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Anthony v. Fein, Such and Crane, LLC

United States District Court, N.D. New York

April 28, 2015


CHARLES J. ANTHONY, SR. Plaintiff pro se Clay, New York.



Plaintiff Charles J. Anthony, Sr., submitted a pro se complaint against Defendant Fein, Such and Crane, LLC, on April 15, 2015. (Dkt. No. 1.) Plaintiff also submitted an application to proceed in forma pauperis ("IFP application"). (Dkt. No. 2.) Before the Court issued its Order and Recommendation on Plaintiff's IFP application and on its initial review of Plaintiff's complaint, Plaintiff filed a superseding amended/supplemental complaint (Dkt. No. 5) and a second IFP application (Dkt. No. 6), which the Clerk has submitted to the Court for review.[1]


Plaintiff's second IFP application is the same application initially submitted. ( See Dkt. Nos. 2 and 6.) It is a New York State court IFP application form rather than the IFP application used in the Northern District of New York.[2] The application reveals monthly Social Security benefits of $1, 802 and a monthly pension payment of $663.92 for an annual income of $29, 591.04. (Dkt. No. 6 at 1.) Plaintiff has listed no income from other sources. Id. Plaintiff has listed a bank account with approximately $27.00. Id. at 2. For all property with an estimated value over $300.00, Plaintiff has listed two real properties in which he has no equity. Id. One of the properties, located at 4268 Gemini Path, Liverpool, New York, is the subject of the underlying foreclosure action. Id.

Unlike the IFP application used in the Northern District of New York, the New York State IFP application requires that only extraordinary out-of-pocket expenses, not housing, utilities, or loan payments, or other regular monthly expenses be disclosed. Therefore, most of the information on expenses required in the federal IFP application has not been included. Id. Plaintiff has indicated in his State IFP application that he is several months behind in utility bills, he cannot work, and the Gemini Path property is in foreclosure. Id.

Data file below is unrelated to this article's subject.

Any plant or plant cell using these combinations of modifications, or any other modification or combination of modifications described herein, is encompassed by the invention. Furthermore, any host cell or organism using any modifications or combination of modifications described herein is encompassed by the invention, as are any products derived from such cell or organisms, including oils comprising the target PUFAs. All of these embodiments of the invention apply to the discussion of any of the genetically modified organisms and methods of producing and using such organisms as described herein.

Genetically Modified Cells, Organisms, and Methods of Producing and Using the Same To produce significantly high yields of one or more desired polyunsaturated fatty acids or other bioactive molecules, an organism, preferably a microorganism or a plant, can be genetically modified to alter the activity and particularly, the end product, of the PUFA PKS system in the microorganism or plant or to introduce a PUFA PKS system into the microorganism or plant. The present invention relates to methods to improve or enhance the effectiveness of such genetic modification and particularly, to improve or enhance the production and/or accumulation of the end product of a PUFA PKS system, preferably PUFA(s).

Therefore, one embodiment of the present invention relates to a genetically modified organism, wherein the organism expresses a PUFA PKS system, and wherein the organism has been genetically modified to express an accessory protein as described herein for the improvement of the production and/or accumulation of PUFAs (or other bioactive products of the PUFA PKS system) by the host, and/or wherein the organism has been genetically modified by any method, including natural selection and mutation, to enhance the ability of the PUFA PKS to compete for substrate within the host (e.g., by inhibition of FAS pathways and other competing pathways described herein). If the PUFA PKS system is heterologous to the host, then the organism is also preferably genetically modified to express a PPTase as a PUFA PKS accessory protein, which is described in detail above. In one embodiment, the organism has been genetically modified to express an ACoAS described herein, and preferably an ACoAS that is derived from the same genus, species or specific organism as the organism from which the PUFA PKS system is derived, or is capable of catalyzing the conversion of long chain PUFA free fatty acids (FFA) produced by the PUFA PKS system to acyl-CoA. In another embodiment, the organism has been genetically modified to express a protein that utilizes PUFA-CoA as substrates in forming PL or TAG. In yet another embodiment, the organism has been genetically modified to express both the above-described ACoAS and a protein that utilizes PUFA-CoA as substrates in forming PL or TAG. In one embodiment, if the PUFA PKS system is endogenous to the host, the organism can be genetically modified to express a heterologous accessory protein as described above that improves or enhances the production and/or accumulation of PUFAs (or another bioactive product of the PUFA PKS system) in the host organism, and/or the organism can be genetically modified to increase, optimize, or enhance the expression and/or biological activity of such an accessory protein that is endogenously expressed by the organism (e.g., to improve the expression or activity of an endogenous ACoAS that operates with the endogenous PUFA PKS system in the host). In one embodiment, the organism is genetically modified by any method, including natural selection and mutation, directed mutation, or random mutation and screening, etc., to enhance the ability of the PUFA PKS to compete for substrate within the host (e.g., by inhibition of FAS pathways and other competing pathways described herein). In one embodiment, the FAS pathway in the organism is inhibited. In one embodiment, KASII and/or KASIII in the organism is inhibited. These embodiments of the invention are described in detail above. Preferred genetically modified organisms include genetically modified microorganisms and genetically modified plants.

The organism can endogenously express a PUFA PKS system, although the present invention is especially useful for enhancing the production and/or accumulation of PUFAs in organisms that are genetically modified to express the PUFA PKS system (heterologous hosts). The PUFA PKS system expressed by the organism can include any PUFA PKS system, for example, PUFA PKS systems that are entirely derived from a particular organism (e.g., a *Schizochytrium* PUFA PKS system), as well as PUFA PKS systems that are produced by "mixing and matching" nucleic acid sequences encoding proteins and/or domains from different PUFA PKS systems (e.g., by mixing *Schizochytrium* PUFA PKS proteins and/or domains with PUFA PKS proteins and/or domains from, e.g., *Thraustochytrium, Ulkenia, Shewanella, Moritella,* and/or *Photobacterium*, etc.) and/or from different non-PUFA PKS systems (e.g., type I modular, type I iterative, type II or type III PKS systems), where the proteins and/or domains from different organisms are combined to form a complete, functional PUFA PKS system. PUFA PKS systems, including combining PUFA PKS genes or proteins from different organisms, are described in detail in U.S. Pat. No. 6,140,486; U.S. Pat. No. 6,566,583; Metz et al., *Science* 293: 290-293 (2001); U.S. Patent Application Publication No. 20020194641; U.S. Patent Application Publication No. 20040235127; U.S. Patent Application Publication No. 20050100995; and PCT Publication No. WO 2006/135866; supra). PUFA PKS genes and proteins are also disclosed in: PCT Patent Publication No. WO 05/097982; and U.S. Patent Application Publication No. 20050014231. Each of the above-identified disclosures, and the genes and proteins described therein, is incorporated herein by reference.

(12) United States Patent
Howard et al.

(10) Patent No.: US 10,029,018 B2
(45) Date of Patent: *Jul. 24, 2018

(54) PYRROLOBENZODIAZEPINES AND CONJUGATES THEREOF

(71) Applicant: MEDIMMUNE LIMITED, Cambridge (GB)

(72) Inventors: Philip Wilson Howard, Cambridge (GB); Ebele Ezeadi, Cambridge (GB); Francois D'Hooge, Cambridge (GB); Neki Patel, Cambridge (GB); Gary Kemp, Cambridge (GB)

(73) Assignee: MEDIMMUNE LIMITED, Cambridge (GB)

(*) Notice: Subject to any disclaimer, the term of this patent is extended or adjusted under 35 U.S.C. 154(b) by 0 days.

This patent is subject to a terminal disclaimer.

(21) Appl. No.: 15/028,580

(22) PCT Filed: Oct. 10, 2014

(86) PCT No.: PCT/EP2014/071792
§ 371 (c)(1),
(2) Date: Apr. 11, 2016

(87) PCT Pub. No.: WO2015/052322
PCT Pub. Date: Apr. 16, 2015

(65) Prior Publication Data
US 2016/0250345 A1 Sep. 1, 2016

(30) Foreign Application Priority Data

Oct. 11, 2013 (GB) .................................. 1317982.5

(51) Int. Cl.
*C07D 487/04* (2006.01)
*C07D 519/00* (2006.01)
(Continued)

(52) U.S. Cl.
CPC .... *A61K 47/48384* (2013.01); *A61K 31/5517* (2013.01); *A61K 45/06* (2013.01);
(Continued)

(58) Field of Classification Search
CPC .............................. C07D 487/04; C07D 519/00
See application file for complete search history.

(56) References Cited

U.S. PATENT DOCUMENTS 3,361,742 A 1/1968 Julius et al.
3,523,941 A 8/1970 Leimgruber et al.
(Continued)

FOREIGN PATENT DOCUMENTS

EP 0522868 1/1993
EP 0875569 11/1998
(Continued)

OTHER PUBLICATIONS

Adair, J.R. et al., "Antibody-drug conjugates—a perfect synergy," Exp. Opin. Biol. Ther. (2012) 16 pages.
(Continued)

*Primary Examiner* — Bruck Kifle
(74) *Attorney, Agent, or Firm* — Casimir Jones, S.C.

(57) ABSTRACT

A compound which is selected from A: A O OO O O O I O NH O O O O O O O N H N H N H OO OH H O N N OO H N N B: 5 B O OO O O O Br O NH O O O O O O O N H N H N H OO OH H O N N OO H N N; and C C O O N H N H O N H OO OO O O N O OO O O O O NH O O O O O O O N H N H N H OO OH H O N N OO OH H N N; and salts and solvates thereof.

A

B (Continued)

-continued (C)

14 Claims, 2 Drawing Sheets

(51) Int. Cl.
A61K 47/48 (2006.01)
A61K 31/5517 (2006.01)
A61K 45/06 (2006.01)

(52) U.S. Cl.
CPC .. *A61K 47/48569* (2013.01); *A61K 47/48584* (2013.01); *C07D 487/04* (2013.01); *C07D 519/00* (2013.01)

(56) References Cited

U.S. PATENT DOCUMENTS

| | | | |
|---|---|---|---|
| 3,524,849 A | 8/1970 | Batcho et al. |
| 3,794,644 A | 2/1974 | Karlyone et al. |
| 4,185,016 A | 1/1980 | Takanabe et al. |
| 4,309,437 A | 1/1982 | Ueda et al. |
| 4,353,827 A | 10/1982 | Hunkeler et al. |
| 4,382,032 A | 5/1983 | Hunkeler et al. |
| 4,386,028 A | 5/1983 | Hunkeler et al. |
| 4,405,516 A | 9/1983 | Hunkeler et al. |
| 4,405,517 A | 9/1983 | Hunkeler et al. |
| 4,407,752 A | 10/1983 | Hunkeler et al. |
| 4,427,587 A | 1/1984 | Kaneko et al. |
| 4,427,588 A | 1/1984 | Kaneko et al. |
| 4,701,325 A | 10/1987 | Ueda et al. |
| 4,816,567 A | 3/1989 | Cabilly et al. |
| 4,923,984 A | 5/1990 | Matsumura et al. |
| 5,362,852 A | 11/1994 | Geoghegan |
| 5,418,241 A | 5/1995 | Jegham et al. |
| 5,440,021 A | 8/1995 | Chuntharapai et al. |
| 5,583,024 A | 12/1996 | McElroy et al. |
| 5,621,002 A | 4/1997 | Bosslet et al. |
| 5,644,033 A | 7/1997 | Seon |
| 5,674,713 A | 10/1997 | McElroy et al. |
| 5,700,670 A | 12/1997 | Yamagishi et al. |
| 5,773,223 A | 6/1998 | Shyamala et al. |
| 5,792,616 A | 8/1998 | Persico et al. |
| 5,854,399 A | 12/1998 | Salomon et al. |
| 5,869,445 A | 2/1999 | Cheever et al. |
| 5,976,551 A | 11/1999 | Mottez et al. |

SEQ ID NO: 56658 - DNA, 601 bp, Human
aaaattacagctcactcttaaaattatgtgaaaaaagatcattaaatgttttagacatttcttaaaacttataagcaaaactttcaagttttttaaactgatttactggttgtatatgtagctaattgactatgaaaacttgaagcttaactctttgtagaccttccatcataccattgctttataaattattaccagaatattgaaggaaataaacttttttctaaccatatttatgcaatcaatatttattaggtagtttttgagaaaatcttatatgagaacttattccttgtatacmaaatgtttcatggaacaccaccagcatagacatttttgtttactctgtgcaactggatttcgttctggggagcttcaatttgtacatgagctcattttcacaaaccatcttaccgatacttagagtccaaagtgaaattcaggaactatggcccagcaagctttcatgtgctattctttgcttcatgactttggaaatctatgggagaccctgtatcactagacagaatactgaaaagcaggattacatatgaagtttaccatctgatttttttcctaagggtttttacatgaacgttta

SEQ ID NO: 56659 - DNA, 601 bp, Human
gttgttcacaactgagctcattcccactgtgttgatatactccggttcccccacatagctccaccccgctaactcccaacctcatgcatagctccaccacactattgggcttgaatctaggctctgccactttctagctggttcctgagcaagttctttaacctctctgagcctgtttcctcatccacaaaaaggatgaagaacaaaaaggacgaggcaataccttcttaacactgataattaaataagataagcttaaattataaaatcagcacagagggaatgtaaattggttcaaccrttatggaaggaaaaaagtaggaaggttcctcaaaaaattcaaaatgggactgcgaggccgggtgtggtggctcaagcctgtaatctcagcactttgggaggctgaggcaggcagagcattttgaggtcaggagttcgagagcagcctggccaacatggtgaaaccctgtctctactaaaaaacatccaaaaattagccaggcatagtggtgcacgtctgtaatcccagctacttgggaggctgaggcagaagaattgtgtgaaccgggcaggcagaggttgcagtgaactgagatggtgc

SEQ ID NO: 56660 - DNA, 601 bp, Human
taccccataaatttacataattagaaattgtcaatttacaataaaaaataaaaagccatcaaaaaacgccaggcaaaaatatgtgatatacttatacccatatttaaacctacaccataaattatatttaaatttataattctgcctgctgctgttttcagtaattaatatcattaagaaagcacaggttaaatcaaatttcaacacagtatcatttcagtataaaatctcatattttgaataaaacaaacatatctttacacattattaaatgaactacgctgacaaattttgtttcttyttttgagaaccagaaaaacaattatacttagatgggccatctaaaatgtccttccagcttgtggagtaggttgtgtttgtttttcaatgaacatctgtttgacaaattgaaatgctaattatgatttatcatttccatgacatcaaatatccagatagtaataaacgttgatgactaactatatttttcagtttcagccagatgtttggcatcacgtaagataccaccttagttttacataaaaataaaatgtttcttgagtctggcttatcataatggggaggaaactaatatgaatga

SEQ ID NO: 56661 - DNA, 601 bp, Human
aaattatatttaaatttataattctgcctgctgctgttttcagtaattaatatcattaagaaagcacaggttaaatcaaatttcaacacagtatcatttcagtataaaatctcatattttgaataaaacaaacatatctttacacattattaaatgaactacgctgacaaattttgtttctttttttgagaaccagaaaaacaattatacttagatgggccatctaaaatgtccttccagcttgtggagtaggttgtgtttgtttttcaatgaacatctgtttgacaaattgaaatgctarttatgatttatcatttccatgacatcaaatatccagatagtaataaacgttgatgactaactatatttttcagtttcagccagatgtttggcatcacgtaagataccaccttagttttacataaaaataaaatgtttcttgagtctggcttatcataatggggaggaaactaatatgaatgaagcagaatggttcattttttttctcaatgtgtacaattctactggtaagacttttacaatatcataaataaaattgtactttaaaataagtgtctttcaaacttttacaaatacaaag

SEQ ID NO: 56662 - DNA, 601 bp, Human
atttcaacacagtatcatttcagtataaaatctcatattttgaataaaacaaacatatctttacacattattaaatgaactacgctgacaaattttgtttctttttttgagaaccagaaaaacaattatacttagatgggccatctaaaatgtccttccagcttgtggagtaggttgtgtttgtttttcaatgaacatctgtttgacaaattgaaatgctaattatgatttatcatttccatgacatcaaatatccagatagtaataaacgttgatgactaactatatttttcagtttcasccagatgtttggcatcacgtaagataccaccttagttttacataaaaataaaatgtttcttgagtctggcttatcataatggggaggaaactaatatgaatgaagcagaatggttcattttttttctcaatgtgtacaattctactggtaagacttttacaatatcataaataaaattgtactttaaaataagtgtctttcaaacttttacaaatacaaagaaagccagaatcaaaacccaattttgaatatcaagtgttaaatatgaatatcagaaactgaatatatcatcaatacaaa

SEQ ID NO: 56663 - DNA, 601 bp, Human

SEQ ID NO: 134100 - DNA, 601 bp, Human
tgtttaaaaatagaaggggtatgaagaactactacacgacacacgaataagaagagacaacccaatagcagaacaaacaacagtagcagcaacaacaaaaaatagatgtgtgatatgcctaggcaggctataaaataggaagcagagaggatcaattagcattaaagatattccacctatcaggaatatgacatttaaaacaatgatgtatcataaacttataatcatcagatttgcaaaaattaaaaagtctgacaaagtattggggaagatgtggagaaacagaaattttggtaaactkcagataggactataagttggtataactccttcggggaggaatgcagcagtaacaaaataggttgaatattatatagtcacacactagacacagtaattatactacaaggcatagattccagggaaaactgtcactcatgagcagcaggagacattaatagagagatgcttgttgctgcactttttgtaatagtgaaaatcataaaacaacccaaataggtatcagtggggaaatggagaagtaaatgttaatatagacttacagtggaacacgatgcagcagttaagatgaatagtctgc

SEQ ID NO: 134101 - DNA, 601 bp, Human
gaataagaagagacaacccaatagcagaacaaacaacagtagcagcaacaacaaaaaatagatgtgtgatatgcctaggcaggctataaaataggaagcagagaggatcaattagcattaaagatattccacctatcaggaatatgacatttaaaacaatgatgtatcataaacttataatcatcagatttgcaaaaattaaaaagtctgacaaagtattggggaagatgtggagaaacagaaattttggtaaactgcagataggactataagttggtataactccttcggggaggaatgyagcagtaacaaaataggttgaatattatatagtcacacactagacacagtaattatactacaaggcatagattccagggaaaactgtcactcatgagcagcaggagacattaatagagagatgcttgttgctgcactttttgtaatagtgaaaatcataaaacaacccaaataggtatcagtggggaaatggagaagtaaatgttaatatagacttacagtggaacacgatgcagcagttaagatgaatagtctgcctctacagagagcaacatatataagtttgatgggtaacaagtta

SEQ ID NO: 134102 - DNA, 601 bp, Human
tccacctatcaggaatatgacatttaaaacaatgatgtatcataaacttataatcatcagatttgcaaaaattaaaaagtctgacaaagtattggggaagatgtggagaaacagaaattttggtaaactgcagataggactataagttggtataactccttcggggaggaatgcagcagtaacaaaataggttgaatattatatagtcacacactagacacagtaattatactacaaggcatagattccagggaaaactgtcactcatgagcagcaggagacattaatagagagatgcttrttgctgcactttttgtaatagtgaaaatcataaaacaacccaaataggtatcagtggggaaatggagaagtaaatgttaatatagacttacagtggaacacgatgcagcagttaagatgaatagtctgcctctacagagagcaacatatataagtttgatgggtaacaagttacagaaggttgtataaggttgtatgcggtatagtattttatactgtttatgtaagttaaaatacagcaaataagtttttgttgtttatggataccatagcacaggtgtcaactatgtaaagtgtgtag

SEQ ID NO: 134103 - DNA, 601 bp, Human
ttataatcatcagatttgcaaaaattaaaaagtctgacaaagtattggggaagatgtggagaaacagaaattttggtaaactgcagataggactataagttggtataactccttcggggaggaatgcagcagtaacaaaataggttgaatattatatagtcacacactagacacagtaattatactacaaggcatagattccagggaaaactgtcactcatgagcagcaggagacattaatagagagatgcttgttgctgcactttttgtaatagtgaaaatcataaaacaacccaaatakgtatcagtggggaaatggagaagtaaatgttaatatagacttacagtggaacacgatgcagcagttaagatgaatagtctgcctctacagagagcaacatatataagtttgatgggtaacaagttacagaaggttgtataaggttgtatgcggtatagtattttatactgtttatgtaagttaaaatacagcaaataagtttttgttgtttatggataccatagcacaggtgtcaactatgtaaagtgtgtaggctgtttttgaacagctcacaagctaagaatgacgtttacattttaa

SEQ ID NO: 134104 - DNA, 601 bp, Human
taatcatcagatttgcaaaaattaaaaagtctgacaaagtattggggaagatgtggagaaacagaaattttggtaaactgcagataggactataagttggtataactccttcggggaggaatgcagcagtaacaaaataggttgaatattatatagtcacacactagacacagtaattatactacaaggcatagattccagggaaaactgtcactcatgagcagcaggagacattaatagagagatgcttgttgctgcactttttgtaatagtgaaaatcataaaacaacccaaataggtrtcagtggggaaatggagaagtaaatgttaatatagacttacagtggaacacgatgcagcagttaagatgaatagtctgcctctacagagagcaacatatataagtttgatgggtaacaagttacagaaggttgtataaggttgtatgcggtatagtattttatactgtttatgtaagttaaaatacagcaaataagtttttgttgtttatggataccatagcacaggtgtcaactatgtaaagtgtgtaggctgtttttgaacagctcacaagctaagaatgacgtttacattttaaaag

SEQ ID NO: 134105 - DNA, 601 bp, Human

Because Plaintiff's application is incomplete in that it fails to include information regarding his regular expenses, the Court cannot determine whether his expenses, when considered with his lack of assets and other circumstances, warrant in forma pauperis status despite the regular monthly income disclosed by him. Nonetheless, because the Court will recommend dismissal of the action on initial review under 28 U.S.C. § 1915(e), the Court grants Plaintiff's second IFP application (Dkt. No. 6) solely for purposes of initial review.


Even when a plaintiff meets the financial criteria for in forma pauperis, 28 U.S.C. § 1915(e) directs that when a plaintiff proceeds in forma pauperis, "the court shall dismiss the case at any time if the court determines that... the action... (i) is frivolous or malicious; (ii) fails to state a claim on which relief may be granted; or (iii) seeks monetary relief against a defendant who is immune from such relief." 28 U.S.C. § 1915(e)(2)(B)(i)-(iii).

In determining whether an action is frivolous, the court must look to see whether the complaint lacks an arguable basis either in law or in fact. Neitzke v. Williams, 490 U.S. 319, 325 (1989). "An action is frivolous when either: (1) the factual contentions are clearly baseless such as when the claims are the product of delusion or fantasy; or (2) the claim is based on an indisputably meritless legal theory." Livingston v. Adirondack Beverage Co., 141 F.3d 434, 437 (2d Cir. 1998) (citations and internal quotation marks omitted). Although extreme caution should be exercised in ordering sua sponte dismissal of a pro se complaint before the adverse party has been served and the parties have had an opportunity to respond, Anderson v. Coughlin, 700 F.2d 37, 41 (2d Cir. 1983), the court still has a responsibility to determine that a claim is not frivolous before permitting a plaintiff to proceed. See, e.g., Thomas v. Scully, 943 F.2d 259, 260 (2d Cir. 1991) (per curiam) (holding that a district court has the power to dismiss a complaint sua sponte if the complaint is frivolous).